If you've seen any nationally televised basketball game this season, you've probably heard these gut-wrenching words oddly placed in an adidas advertisement, under the guise of redemption. The phrase, spoken by announcer Kevin Harlan, is ripped from the Chicago Bulls' first playoff game last season against the Philadelphia 76ers, when star point guard and former "M-V-P" Derrick Rose planted awkwardly going up for a floater, tearing his ACL.
That knee has kept Rose out for the foreseeable future -- some reports indicate a March return, if at all -- and the Chicago Bulls have adjusted accordingly. Their stellar defense hasn't missed a beat, anchored by center Joakim Noah and bullhorn of a coach Tom Thibodeau, and Chicago ranks first overall in the NBA in defensive efficiency. Thanks to Thibodeau's system, predicated on packing the paint and quick rotations, the Bulls have allowed the fewest three-point attempts and the lowest three-point percentage in the league, as well as a low percentage of shots attempted at the rim. This isn't a new development for Thibodeau's Bulls -- they've ranked first in the NBA in defensive efficiency every season since Thibodeau joined the coaching staff.
(Side note: people call Avery Johnson "The Little General," but Tom Thibodeau runs a regiment: Thibodeau has two players averaging over 40 minutes per game this season, Noah and small forward Luol Deng. Deng has played 6,197 minutes in Thibodeau's tenure, behind just Kevin Durant and Blake Griffin -- in 10 and 13 fewer games, respectively -- and leads the NBA in minutes per game for the second straight season.)
Accordingly, the Nets have struggled to score against Chicago. In seven matchups in the past two seasons, the Nets have only won two, never topping 100 points in any contest and shooting just 42.3% in those seven games.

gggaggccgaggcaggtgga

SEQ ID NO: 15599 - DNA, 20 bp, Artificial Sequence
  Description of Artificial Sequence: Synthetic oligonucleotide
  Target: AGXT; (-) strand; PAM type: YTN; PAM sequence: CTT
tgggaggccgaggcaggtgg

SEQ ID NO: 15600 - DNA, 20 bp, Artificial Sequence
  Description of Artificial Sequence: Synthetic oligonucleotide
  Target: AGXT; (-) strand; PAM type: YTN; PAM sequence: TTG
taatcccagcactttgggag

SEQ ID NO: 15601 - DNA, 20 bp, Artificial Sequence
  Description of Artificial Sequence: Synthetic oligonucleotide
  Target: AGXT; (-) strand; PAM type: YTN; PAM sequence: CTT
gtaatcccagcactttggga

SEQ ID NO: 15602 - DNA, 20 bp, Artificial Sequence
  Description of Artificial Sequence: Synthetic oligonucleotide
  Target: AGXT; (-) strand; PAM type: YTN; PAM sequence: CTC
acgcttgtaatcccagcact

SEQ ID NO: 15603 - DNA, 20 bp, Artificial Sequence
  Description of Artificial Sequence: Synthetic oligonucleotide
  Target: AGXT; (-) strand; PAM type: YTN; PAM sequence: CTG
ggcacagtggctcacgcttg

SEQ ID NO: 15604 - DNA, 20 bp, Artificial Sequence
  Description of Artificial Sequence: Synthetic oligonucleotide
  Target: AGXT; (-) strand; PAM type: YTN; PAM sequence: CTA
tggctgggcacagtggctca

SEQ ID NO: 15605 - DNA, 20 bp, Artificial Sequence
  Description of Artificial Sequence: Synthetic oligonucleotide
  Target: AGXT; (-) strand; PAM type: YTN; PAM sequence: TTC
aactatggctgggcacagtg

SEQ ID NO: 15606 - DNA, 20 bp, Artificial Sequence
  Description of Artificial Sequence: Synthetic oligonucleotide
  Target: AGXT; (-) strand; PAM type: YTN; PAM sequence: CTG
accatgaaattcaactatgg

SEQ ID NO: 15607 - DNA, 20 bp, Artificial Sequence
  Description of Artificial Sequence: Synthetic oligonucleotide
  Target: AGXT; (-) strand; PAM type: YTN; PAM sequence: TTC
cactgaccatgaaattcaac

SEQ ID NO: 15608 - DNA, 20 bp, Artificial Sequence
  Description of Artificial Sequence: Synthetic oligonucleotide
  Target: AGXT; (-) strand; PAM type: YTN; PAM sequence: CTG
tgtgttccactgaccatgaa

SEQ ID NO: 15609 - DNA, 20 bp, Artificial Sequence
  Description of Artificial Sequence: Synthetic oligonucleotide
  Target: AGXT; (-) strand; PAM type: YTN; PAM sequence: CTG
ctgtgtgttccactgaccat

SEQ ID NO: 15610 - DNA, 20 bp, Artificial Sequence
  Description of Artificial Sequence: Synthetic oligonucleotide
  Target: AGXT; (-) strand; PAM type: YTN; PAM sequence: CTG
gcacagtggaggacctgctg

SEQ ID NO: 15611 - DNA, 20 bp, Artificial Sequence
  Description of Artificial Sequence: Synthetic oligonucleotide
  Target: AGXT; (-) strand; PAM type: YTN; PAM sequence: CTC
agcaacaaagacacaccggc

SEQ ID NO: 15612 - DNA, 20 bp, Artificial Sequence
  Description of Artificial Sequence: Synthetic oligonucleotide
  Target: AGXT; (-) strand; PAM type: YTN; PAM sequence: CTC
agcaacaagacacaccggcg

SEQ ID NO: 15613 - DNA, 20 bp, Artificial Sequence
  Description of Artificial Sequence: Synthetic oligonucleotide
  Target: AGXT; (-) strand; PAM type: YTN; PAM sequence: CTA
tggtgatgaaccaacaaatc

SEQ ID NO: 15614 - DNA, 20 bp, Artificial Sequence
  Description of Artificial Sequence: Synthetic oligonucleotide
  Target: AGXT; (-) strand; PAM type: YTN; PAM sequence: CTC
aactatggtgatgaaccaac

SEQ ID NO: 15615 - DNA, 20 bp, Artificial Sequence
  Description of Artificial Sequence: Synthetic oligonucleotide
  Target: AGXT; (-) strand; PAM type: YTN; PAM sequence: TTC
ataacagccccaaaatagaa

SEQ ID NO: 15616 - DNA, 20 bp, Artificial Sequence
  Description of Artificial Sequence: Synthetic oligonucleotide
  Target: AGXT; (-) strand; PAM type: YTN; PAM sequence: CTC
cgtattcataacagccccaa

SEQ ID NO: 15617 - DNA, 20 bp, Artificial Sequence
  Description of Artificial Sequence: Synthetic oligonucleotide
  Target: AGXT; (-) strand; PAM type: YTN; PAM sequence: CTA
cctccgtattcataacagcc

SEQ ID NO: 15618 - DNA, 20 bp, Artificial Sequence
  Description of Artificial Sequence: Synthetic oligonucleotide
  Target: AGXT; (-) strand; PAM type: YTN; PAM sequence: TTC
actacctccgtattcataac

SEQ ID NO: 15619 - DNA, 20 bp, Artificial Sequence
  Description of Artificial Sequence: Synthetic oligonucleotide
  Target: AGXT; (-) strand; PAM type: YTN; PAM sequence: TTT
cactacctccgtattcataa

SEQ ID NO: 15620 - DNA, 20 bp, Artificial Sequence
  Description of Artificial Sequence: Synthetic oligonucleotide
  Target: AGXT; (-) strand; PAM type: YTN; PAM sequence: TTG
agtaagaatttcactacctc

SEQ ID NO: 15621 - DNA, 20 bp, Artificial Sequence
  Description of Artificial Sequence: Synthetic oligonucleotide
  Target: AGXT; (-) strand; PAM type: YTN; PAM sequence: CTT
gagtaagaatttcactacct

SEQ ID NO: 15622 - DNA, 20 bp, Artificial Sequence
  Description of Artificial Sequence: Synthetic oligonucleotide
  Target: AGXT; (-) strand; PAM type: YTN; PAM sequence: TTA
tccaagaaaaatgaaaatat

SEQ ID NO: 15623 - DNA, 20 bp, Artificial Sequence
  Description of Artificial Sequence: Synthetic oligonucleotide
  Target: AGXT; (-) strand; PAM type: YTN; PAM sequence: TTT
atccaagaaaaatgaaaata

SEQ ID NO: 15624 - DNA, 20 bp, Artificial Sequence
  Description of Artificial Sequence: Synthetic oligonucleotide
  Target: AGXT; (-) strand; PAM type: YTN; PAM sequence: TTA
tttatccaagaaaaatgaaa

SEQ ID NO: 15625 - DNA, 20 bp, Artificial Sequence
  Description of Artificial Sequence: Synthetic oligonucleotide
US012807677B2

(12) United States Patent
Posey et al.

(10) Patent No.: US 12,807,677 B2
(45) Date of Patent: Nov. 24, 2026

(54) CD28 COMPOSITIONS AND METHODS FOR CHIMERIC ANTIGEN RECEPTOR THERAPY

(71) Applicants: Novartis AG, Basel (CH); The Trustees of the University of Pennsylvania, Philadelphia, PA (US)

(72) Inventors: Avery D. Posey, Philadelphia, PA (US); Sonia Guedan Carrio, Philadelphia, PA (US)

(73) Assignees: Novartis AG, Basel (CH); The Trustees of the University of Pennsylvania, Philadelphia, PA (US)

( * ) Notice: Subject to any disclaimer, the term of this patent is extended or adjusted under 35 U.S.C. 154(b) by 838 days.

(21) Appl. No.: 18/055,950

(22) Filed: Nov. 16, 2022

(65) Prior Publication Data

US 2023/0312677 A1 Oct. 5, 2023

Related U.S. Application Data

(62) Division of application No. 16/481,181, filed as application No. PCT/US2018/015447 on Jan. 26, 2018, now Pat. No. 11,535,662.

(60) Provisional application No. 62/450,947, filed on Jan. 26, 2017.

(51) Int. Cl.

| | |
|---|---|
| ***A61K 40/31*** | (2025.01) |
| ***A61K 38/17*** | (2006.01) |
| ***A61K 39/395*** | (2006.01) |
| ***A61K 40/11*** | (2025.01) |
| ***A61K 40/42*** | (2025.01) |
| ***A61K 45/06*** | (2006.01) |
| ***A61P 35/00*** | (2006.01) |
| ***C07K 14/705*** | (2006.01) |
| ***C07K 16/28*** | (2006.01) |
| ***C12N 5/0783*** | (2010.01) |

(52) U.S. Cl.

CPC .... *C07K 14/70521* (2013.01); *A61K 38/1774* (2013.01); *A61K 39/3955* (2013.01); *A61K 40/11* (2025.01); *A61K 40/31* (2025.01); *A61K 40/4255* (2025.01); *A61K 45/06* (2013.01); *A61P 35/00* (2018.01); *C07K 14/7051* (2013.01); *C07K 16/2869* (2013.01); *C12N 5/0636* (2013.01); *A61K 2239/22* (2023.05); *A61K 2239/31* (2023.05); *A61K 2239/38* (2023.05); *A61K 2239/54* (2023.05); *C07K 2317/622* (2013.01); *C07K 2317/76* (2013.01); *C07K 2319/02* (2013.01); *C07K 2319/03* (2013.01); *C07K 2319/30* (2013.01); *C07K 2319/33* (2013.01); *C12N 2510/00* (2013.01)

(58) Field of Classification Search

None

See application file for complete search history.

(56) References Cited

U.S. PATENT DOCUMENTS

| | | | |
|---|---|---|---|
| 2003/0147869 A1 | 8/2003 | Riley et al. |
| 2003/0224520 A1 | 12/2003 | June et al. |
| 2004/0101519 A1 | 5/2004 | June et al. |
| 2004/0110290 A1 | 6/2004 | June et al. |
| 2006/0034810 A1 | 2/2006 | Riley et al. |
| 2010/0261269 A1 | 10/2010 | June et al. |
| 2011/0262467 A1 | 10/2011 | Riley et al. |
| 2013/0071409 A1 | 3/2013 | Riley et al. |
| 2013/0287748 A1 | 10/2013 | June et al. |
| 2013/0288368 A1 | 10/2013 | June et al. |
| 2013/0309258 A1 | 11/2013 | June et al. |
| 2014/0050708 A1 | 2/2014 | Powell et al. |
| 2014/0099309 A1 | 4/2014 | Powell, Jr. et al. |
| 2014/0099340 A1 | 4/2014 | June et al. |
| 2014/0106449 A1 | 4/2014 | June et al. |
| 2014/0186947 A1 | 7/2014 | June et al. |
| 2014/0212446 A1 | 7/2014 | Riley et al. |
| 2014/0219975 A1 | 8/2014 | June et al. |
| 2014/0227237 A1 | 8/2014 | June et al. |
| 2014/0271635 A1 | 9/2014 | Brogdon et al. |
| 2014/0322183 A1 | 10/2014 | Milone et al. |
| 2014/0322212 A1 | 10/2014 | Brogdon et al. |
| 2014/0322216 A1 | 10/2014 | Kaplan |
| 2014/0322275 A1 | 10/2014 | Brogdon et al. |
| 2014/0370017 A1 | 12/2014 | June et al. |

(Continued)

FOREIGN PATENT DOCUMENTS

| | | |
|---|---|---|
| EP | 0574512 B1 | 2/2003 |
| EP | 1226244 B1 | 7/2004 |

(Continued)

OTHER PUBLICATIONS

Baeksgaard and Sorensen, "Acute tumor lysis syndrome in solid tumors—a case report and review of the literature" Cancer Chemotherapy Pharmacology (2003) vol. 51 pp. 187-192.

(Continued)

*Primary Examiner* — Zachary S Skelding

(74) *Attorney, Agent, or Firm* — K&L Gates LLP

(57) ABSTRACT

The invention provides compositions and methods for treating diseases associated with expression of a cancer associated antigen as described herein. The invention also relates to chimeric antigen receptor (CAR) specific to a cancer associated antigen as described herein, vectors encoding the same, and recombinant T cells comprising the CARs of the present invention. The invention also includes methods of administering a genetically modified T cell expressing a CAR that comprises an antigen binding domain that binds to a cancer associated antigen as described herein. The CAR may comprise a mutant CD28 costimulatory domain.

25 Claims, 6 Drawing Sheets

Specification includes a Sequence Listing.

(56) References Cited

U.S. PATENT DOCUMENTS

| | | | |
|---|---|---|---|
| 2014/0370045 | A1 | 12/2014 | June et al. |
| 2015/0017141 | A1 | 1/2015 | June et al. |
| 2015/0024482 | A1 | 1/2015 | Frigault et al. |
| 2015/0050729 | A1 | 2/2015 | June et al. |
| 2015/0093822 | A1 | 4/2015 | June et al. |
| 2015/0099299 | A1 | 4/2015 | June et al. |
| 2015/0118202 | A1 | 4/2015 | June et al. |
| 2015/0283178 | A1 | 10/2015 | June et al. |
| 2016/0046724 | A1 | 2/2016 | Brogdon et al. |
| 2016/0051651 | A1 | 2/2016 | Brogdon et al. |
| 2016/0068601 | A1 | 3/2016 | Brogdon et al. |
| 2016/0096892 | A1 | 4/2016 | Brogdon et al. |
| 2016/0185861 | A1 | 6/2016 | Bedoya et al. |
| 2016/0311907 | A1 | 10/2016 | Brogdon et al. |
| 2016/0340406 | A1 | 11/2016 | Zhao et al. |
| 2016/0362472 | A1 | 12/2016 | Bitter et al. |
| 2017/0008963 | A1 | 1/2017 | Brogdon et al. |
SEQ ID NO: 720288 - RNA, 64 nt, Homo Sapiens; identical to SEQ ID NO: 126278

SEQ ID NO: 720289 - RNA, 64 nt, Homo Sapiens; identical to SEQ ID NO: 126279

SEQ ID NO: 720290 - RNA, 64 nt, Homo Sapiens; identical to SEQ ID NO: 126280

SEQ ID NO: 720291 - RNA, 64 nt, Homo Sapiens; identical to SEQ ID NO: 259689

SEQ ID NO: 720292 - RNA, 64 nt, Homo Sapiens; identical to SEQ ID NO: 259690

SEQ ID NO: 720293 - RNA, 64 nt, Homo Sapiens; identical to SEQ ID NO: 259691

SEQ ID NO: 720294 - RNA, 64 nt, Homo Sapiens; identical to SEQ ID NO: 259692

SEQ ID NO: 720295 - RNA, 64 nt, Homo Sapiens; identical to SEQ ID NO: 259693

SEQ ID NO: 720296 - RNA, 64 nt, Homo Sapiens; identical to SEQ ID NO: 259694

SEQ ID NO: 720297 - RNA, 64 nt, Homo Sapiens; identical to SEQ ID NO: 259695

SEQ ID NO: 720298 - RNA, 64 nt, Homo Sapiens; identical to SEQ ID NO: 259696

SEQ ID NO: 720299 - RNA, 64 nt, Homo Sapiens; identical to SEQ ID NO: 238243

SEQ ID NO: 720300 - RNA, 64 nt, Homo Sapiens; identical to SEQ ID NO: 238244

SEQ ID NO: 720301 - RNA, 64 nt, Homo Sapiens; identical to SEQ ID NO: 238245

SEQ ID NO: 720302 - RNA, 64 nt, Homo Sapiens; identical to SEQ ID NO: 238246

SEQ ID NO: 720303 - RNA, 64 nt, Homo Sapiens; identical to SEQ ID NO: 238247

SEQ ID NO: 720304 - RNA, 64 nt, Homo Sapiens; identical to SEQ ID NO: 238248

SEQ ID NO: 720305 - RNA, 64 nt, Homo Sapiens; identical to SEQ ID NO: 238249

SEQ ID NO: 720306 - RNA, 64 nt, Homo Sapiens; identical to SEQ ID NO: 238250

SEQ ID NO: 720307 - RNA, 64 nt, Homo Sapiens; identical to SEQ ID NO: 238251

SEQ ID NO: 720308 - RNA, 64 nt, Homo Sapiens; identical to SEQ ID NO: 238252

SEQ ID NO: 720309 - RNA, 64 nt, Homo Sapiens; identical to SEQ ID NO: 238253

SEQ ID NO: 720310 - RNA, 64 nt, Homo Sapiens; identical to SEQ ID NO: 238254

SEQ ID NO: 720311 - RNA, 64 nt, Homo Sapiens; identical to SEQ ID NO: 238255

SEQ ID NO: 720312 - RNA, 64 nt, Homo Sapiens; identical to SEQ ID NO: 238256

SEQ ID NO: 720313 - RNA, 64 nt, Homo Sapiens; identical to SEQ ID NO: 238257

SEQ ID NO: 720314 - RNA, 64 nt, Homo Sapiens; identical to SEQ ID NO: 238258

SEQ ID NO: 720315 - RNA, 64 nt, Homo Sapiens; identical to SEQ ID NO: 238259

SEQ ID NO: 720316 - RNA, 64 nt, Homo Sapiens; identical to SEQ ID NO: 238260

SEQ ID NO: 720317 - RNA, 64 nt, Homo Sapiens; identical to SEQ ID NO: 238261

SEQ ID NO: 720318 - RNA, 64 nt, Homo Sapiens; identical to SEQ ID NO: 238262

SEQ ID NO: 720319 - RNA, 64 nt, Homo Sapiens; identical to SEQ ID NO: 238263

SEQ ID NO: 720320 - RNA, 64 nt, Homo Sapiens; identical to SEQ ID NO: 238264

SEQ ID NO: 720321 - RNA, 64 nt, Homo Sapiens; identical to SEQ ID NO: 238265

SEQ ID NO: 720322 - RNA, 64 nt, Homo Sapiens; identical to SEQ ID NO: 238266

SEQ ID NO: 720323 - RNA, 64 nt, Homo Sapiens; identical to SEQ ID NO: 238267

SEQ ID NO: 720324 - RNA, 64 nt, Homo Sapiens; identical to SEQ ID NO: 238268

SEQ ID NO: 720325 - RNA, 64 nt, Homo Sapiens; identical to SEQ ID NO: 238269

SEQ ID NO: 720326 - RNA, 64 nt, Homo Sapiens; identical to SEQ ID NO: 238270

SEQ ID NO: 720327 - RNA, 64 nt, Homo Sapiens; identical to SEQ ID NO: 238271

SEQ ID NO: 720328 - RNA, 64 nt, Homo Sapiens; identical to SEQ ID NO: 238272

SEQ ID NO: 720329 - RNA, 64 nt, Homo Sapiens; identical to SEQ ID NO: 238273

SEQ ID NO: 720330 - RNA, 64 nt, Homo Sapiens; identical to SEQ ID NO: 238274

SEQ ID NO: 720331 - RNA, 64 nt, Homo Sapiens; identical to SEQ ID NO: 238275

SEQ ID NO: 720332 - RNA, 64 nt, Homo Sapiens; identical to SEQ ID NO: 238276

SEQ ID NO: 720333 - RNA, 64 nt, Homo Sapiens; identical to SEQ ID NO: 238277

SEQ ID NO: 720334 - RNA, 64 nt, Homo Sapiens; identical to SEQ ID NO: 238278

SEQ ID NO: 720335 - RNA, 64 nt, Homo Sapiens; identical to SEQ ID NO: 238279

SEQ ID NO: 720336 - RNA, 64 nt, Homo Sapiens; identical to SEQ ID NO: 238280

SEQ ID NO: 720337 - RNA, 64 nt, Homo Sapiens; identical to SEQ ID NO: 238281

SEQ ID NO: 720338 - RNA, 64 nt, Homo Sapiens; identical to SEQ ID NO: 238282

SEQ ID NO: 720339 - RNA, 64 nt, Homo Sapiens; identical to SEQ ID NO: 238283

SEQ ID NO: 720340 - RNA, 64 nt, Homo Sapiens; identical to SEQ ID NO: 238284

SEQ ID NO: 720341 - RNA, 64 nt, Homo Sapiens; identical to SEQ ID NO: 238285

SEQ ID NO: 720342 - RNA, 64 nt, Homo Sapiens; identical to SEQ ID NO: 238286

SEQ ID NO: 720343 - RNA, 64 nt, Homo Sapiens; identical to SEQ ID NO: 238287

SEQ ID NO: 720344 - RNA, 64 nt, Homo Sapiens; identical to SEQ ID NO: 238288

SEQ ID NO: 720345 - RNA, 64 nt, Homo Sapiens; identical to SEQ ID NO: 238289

But, as we all know by now, the Brooklyn Nets are not the New Jersey Nets: Travis Outlaw and DeShawn Stevenson have been replaced with Gerald Wallace and Joe Johnson, Brook Lopez is "around" (though it's not confirmed if he'll play), and Deron Williams has teammates that won't drop his passes. That said, two of the Nets' strongest suits -- spotting up around Deron Williams and posting up with Brook Lopez -- are the things Chicago is best at defending.
Chicago's offense is another matter; even if Lopez doesn't play tonight, the Nets should have some success containing the Chicago Bulls' offensive attack. Without the reliably darting Rose rocketing through defensive space, the Bulls have struggled to create open looks from their ball movement and spacing. After ranking fourth in the NBA spotting up last season, they've plummeted to 25th without Rose. Losing Kyle Korver to Atlanta didn't help there either. Additionally, Chicago's most reliable three-point threats this season -- Kirk Hinrich and Rip Hamilton -- have both dealt with injuries. (Hinrich is a game-time decision tonight). If the Nets can control the glass -- the Bulls have the sixth-best offensive rebounding percentage in the league -- they should improve their defensive efficiency by a tick or two tonight.
That's, of course, assuming the team's schedule doesn't ruin them. Coming off a double-overtime game at home, the Nets traveled to Chicago today for the second half of a back-to-back with two starters coming off 50+ minute nights. The Chicago Bulls, conversely, haven't played since Wednesday, a 96-89 victory over Philadelphia.
The game starts at 8 P.M. tonight.